[NetBehaviour] Thoughts on Leonardo's St. Anne

Max Herman maxnmherman at hotmail.com
Sun Sep 20 00:02:26 CEST 2020

Hi all,

I spent some time today looking at Leonardo's Virgin and Child with Saint Anne in depth for the first time and got an idea of the following interpretation.

  1.  The landscape is very vertical, going from mountaintops to rivers to lakes or seas, then to earth with vegetation and finally crumbling pebbles at the bottom.
  2.  The background is therefore the macrocosm, high to low.
  3.  The people are a human landscape, also vertical.
  4.  Saint Anne is Mary's parent, the oldest and greatest, representing Nature.
  5.  Mary is the next largest figure, child of Anne, representing Experience/Esperienza, the same allegory as the ML.
  6.  The infant Jesus is the child and pupil of Experience, which is to say, the artist or human/divine hybrid, the present-time being.
  7.  The still-infant artist/scientist/human agent is beating up on the lamb, mishandling it.
  8.  The lamb represents the lowest level of power (innocence, suffering, sacrifice, time, mortality, opportunity, life as such).
  9.  Experience is the guide, parent, instructor, and guardian of the artist, and pulls the child back from their rashness.
  10. The disobedient artist doesn't really want to obey, but is weaker than the parent and therefore does.
  11. Nature looks over all, calm and interested but also disengaged, crowned with the vortices that drive all processes that traverse across levels.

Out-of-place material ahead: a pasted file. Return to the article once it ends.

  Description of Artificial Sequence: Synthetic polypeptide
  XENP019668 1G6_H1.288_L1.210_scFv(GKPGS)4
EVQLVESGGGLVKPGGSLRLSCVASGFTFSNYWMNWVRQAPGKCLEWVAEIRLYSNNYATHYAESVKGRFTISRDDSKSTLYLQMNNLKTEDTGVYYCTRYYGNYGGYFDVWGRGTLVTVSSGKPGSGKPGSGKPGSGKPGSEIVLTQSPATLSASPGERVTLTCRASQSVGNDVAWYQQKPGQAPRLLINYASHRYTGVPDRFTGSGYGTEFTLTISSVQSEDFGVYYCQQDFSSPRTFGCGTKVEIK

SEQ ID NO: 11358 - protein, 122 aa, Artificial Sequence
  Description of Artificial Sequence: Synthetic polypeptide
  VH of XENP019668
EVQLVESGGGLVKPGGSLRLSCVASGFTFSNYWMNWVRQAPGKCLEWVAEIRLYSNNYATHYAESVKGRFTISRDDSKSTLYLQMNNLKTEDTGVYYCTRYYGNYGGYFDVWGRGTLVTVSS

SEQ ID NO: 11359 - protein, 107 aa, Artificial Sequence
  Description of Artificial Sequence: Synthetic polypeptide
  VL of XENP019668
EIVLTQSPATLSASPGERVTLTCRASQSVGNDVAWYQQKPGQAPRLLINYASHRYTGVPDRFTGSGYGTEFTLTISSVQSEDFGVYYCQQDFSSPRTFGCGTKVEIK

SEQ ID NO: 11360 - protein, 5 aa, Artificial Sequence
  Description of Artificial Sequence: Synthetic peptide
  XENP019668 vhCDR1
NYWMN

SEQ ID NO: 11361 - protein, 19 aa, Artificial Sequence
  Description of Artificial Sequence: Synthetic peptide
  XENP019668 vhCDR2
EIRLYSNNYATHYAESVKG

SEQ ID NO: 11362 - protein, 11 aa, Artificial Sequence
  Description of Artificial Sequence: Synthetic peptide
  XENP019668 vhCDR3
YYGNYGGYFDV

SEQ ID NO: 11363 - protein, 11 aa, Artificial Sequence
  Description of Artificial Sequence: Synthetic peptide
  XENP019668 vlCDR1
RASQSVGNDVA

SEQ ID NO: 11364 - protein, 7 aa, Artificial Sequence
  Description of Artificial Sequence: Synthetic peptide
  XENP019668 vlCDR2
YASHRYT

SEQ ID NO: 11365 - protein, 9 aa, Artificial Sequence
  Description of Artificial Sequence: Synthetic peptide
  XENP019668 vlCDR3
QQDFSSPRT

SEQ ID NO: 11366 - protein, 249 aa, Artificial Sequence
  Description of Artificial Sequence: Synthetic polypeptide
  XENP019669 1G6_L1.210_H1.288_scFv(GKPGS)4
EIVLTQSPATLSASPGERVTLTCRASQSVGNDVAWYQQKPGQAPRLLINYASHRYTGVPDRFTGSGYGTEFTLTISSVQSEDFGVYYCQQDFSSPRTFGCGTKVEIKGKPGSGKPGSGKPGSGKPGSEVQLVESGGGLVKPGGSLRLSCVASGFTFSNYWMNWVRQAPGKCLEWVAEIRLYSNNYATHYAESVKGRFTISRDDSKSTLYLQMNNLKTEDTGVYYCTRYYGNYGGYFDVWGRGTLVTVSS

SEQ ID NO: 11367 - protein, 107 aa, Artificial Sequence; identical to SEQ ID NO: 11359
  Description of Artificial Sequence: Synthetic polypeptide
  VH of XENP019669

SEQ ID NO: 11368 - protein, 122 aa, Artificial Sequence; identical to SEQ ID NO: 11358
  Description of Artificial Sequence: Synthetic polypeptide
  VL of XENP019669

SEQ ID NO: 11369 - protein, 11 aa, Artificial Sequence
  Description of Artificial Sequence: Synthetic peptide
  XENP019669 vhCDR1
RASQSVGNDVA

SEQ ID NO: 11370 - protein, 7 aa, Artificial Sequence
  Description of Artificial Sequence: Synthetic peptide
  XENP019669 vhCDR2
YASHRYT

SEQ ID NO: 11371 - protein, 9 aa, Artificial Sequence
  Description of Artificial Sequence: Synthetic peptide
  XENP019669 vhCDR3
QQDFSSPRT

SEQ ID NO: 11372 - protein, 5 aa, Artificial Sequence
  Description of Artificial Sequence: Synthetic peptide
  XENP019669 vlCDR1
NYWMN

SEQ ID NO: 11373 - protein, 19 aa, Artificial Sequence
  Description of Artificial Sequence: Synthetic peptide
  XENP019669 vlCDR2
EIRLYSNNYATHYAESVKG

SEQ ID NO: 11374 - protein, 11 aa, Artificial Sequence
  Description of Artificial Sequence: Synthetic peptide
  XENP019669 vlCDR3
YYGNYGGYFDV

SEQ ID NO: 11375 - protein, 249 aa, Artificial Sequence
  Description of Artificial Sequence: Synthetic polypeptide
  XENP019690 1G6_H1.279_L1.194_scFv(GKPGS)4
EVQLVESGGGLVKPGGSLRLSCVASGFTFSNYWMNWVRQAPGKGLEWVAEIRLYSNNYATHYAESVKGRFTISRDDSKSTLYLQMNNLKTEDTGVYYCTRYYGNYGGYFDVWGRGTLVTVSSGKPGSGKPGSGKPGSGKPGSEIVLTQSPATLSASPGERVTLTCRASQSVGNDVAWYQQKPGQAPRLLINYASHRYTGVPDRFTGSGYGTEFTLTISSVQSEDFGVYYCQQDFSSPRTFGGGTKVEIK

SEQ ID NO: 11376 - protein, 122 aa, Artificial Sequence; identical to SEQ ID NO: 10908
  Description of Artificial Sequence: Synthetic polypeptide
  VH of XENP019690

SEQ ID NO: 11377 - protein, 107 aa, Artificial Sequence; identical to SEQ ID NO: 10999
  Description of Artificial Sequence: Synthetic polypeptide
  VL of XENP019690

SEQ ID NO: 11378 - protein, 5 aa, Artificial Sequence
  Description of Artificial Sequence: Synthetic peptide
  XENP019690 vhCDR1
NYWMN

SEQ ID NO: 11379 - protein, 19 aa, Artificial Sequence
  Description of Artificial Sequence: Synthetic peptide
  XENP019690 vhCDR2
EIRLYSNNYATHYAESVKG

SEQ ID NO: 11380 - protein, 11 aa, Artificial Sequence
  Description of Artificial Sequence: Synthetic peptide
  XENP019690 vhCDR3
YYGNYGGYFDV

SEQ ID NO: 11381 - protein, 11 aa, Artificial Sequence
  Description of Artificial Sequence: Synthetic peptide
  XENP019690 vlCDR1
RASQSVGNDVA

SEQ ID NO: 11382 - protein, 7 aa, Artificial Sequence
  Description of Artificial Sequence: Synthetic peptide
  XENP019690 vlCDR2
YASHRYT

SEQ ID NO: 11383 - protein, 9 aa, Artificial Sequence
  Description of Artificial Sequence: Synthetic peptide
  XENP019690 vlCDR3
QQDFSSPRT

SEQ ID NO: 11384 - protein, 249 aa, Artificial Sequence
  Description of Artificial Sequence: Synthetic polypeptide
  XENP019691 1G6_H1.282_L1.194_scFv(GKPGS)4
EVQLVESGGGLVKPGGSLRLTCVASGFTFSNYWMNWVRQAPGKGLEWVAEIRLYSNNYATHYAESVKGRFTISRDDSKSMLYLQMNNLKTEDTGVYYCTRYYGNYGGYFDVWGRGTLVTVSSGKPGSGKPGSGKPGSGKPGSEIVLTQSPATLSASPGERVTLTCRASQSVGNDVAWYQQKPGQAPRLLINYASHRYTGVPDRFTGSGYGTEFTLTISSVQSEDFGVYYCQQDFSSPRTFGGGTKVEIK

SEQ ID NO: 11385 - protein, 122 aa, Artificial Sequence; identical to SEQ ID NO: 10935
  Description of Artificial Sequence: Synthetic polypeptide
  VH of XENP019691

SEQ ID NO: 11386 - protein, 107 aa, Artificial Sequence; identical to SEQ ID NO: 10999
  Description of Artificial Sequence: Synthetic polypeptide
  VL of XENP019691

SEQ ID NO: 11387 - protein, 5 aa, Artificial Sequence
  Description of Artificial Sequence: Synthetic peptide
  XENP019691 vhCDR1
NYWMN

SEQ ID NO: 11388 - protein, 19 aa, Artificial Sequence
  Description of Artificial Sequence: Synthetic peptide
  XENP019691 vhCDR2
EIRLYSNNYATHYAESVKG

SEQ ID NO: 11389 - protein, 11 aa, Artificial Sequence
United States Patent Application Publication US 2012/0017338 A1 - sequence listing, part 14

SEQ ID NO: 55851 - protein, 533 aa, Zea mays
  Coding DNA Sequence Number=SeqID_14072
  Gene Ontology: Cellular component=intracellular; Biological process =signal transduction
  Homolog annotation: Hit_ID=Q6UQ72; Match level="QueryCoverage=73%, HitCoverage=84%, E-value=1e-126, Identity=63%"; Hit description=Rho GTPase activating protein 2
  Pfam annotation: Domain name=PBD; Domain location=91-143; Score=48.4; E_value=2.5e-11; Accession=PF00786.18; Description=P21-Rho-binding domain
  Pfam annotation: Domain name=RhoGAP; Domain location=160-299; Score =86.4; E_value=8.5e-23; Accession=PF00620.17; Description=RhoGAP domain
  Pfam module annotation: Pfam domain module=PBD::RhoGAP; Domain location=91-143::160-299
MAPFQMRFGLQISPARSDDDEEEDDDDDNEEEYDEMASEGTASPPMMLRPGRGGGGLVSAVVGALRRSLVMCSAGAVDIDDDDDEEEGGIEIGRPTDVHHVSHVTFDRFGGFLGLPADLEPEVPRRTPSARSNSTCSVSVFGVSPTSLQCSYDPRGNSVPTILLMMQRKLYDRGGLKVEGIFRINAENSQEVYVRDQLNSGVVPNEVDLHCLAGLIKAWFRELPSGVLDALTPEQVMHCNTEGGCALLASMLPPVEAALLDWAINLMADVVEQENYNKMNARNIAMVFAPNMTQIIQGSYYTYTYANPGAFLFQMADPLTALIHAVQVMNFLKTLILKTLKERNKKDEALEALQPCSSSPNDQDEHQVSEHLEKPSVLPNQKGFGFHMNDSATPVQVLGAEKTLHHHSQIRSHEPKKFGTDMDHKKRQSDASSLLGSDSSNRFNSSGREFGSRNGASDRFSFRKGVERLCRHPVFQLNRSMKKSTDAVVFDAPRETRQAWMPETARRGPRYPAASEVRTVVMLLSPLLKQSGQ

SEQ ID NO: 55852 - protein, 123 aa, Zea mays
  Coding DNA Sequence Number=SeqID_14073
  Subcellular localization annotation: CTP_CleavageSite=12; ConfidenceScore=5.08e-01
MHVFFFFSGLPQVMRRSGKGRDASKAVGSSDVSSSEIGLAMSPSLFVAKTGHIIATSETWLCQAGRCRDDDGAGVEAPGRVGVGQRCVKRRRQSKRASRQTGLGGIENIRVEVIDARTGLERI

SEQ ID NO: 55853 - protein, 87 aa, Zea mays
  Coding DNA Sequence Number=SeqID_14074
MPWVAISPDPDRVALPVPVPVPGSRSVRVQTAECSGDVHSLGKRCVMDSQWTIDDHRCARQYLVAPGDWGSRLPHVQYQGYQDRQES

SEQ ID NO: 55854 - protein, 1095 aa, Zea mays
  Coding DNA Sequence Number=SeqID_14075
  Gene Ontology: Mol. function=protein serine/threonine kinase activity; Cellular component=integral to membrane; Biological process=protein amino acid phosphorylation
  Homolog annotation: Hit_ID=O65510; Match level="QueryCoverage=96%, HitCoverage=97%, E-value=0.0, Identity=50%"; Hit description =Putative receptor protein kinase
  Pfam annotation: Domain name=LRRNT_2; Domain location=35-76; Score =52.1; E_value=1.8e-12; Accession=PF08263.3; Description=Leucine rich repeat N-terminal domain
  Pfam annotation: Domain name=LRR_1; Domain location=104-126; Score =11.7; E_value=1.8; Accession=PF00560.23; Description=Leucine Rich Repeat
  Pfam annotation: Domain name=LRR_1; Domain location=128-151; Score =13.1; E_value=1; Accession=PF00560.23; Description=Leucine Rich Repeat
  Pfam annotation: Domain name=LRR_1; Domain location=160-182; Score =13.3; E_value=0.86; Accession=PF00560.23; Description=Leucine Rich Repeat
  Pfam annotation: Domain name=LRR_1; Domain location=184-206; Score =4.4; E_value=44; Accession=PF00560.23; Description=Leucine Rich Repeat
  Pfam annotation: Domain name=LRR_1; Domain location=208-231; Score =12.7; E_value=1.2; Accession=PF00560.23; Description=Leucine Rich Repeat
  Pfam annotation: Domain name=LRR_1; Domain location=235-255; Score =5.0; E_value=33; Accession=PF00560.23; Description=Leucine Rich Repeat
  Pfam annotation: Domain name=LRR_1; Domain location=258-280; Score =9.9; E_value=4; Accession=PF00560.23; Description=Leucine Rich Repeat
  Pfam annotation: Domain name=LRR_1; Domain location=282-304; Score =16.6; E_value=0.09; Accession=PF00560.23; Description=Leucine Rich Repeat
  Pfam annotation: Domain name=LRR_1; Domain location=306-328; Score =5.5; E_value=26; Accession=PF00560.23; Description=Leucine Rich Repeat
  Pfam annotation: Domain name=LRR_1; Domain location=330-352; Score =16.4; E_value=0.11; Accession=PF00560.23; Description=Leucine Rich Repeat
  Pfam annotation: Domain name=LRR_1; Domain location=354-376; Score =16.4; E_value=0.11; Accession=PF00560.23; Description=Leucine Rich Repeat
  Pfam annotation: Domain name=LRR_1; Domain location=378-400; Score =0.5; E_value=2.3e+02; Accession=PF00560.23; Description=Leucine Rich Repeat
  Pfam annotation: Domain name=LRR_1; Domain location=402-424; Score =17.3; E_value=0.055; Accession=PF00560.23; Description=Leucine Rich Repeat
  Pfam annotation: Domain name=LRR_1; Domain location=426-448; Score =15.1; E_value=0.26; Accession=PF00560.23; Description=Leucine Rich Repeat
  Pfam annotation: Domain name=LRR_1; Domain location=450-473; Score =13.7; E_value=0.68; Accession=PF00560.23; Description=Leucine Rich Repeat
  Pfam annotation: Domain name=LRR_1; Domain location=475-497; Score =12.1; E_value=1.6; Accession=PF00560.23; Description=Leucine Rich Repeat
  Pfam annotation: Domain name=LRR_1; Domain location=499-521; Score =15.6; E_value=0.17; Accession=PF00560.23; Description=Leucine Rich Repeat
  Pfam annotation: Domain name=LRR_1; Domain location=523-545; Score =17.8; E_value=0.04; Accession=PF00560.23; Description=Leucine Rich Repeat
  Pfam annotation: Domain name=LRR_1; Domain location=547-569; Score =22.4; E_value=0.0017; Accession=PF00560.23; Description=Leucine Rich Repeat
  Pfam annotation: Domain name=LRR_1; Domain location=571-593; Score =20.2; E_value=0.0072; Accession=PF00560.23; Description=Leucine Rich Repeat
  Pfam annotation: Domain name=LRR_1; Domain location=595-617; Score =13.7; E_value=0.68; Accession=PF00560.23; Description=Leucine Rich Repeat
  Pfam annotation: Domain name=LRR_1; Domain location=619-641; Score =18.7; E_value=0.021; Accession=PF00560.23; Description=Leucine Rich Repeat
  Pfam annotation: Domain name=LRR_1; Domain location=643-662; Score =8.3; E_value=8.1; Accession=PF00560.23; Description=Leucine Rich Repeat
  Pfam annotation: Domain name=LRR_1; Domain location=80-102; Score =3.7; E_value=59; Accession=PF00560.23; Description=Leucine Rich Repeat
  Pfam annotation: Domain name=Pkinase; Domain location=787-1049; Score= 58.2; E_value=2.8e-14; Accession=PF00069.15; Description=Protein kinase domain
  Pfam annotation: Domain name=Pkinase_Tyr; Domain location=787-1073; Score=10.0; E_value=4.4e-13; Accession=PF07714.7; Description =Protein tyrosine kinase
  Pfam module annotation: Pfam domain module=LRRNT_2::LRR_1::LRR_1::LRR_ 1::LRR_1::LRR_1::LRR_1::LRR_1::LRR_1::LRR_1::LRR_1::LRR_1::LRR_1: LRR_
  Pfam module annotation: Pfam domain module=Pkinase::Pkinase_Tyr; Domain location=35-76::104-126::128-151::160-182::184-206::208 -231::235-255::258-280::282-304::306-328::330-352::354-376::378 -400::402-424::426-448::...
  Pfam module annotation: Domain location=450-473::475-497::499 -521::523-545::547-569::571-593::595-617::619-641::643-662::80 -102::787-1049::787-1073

12. The sequences are therefore cyclical, like a linear loop or feedback system, within both the natural and the human cosmos.

I haven't cross-checked it yet with Leonardo experts and it could be total BS (so it is offered with a grain of salt in the spirit of poetic license) but it derives somewhat from Leonardo's words:

"If you condemn painting, which is the only imitator of all visible works of nature, you will certainly despise a subtle invention which brings philosophy and subtle speculation to the consideration of the nature of all forms — seas and plains, trees, animals, plants and flowers — which are surrounded by shade and light. And this is true knowledge and the legitimate issue of nature; for painting is born of nature — or, to speak more correctly, we will say it is the grandchild of nature; for all visible things are produced by nature, and these her children have given birth to painting. Hence we may justly call it the grandchild of nature and related to God."

"Experience, the interpreter between formative nature and the human race, teaches how that nature acts among mortals; and being constrained by necessity cannot act otherwise than as reason, which is its helm, requires her to act."

Leonardo may have imagined after painting the Saint Anne something different than the verticality and hierarchy, having more unity and subtle interfusion of elements, more cyclicality and less architecture, leading to the more spherical and flowing cosmos of the later "universal picture" the Mona Lisa which is also an allegory of Experience.


All best wishes,


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